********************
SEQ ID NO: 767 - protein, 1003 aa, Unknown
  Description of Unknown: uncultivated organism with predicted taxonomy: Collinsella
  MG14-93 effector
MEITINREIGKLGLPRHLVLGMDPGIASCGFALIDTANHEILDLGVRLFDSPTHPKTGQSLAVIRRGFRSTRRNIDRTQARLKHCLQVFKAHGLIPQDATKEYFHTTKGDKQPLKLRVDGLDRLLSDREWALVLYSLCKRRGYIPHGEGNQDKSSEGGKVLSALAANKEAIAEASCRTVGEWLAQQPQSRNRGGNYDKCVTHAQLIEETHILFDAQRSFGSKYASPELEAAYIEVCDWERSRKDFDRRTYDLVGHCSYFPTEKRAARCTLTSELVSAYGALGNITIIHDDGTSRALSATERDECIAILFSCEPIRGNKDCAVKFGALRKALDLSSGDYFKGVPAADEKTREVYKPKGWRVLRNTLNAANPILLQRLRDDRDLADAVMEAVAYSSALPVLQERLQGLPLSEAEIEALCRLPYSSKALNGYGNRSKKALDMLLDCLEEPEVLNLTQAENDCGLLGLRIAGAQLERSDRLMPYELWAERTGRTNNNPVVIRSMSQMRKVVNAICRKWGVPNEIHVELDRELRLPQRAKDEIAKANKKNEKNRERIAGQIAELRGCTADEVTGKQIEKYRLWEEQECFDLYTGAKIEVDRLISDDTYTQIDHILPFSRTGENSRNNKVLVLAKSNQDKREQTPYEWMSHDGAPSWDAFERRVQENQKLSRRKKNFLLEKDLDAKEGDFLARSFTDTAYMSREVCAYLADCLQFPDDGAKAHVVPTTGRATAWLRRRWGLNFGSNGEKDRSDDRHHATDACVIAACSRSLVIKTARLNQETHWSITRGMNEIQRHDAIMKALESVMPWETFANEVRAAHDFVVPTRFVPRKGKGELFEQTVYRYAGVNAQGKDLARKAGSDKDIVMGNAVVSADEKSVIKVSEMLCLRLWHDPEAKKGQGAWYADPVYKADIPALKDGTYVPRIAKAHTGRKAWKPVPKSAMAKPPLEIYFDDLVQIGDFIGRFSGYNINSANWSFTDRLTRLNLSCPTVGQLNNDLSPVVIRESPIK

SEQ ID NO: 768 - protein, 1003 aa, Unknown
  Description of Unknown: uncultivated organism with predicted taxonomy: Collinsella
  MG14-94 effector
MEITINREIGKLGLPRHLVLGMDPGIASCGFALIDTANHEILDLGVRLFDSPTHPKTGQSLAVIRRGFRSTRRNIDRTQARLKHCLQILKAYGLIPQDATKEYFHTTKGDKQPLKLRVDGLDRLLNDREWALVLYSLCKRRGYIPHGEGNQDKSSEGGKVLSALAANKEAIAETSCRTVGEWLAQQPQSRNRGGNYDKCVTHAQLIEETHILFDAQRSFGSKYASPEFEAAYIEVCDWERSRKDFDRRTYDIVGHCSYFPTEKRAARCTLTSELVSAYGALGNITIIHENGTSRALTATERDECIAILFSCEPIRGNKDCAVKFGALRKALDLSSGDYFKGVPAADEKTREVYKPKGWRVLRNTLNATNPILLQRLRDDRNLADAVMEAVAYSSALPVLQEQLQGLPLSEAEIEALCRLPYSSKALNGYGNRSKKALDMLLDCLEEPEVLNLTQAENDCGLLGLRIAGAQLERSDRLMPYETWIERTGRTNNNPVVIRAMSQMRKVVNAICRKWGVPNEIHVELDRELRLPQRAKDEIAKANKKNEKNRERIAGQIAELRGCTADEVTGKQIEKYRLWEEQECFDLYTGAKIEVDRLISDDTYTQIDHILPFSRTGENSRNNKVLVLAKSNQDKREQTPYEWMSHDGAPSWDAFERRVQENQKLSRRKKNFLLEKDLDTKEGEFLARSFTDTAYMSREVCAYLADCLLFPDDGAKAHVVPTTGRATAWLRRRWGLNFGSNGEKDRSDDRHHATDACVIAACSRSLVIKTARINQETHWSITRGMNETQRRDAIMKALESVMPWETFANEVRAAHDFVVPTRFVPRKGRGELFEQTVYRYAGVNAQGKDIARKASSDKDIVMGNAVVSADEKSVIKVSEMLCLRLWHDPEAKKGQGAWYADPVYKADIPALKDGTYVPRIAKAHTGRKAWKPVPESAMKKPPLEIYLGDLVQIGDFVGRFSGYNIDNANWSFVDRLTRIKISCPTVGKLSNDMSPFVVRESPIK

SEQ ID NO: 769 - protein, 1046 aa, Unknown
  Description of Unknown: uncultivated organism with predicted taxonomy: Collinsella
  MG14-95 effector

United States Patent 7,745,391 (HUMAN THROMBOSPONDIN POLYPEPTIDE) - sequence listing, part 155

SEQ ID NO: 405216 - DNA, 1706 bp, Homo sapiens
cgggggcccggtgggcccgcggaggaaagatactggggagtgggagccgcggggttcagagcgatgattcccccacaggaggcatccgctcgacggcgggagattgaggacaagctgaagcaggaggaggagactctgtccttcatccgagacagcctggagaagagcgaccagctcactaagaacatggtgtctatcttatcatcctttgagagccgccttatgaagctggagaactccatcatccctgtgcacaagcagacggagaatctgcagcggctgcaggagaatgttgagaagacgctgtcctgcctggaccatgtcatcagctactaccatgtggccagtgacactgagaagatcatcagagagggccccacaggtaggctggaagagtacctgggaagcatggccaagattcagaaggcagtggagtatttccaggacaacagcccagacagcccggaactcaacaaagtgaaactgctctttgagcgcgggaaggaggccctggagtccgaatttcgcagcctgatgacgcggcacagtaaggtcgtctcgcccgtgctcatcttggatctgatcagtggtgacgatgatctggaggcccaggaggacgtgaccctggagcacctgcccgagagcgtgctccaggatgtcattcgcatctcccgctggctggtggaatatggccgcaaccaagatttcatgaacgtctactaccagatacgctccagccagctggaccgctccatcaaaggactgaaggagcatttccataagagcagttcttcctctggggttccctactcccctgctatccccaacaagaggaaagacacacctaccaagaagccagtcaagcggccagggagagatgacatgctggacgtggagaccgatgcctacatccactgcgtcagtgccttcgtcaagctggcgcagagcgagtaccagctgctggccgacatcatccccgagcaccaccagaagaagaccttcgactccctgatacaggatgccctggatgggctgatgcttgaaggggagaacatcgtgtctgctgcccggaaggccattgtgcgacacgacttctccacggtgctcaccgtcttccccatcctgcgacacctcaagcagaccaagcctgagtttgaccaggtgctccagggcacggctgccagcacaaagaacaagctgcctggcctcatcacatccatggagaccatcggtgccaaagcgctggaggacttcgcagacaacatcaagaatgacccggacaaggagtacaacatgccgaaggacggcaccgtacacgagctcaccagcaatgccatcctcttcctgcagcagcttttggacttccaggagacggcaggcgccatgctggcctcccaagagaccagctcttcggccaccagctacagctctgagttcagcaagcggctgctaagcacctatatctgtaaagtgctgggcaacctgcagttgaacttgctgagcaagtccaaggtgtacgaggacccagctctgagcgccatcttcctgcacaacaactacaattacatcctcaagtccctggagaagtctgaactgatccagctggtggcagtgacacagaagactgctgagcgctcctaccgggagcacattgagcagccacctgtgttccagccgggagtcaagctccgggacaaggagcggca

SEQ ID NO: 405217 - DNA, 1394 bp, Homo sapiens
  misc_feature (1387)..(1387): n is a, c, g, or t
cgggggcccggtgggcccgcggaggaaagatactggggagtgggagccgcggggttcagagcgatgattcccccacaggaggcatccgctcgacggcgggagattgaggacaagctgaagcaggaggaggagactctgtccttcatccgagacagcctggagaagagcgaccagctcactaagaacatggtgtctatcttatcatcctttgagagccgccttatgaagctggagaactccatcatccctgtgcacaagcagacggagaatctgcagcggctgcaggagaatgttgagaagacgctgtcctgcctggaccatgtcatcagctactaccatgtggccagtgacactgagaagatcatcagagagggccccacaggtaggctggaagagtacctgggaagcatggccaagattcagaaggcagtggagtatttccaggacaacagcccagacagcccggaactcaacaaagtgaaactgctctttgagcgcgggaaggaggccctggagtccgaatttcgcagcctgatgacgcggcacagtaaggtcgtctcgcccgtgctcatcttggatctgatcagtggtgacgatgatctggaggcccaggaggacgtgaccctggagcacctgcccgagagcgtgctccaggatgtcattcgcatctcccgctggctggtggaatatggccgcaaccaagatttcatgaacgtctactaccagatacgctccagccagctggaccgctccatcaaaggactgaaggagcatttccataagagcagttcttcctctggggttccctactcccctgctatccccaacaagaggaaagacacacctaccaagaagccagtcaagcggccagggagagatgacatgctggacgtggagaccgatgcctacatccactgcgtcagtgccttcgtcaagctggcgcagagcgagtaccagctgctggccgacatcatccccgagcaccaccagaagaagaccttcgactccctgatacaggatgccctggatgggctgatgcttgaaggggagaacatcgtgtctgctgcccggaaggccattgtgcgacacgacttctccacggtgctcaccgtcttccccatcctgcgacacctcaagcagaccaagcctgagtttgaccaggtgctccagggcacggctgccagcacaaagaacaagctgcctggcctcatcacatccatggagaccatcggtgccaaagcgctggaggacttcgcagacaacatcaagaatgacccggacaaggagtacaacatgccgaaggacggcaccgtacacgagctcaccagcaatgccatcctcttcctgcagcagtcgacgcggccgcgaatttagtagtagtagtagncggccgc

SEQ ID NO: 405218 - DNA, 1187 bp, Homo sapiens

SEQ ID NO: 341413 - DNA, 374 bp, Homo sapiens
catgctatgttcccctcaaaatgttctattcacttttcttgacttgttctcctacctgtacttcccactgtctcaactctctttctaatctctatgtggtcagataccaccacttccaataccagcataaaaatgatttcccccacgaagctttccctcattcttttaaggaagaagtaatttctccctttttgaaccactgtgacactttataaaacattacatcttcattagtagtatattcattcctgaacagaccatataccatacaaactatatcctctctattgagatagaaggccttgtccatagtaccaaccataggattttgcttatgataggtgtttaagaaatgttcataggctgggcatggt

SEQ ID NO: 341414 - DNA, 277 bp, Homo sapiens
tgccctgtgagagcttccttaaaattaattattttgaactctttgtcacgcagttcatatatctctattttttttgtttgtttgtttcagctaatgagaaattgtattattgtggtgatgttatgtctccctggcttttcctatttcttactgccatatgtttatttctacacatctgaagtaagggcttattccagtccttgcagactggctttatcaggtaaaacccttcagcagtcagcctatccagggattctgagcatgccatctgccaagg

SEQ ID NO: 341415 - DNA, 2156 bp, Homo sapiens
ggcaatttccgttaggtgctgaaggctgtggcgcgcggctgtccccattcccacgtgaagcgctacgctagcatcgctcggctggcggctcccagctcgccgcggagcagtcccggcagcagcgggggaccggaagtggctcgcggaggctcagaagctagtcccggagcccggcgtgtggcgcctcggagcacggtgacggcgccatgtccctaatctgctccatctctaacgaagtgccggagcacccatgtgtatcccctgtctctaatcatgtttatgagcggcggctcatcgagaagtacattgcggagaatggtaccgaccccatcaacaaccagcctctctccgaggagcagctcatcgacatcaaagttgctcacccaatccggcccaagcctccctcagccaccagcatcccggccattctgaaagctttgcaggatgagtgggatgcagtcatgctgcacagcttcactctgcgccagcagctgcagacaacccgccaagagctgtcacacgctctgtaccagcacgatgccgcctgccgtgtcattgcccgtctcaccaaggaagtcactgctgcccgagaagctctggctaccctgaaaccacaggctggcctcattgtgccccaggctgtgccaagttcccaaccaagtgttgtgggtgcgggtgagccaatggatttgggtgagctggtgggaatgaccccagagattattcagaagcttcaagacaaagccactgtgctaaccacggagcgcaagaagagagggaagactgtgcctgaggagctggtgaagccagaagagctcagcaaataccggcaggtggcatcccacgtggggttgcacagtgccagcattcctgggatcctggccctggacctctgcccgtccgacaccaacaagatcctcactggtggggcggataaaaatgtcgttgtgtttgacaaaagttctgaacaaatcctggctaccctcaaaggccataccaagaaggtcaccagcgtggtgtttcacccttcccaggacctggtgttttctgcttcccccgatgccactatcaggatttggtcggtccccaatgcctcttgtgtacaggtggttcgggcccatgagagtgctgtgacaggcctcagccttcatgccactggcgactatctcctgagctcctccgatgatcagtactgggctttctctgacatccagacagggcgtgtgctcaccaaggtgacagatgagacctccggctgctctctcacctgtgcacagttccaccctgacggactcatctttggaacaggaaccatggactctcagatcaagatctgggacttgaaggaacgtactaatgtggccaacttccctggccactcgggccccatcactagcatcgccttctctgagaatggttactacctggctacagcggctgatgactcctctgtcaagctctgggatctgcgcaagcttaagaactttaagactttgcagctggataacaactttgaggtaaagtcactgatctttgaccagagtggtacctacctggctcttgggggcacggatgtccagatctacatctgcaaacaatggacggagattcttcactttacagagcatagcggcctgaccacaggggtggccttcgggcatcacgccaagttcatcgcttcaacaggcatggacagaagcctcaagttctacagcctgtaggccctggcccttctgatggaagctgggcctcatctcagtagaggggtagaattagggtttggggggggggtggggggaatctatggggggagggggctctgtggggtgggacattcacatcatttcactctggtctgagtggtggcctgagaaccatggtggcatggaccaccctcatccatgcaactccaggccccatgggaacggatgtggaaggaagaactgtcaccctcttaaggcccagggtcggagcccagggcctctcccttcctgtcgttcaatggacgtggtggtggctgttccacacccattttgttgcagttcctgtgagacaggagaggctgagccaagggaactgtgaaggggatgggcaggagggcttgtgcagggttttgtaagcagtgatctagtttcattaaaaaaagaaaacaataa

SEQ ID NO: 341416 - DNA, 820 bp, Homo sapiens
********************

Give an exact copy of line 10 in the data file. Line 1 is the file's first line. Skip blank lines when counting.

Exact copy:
  Description of Unknown: uncultivated organism with predicted taxonomy: Collinsella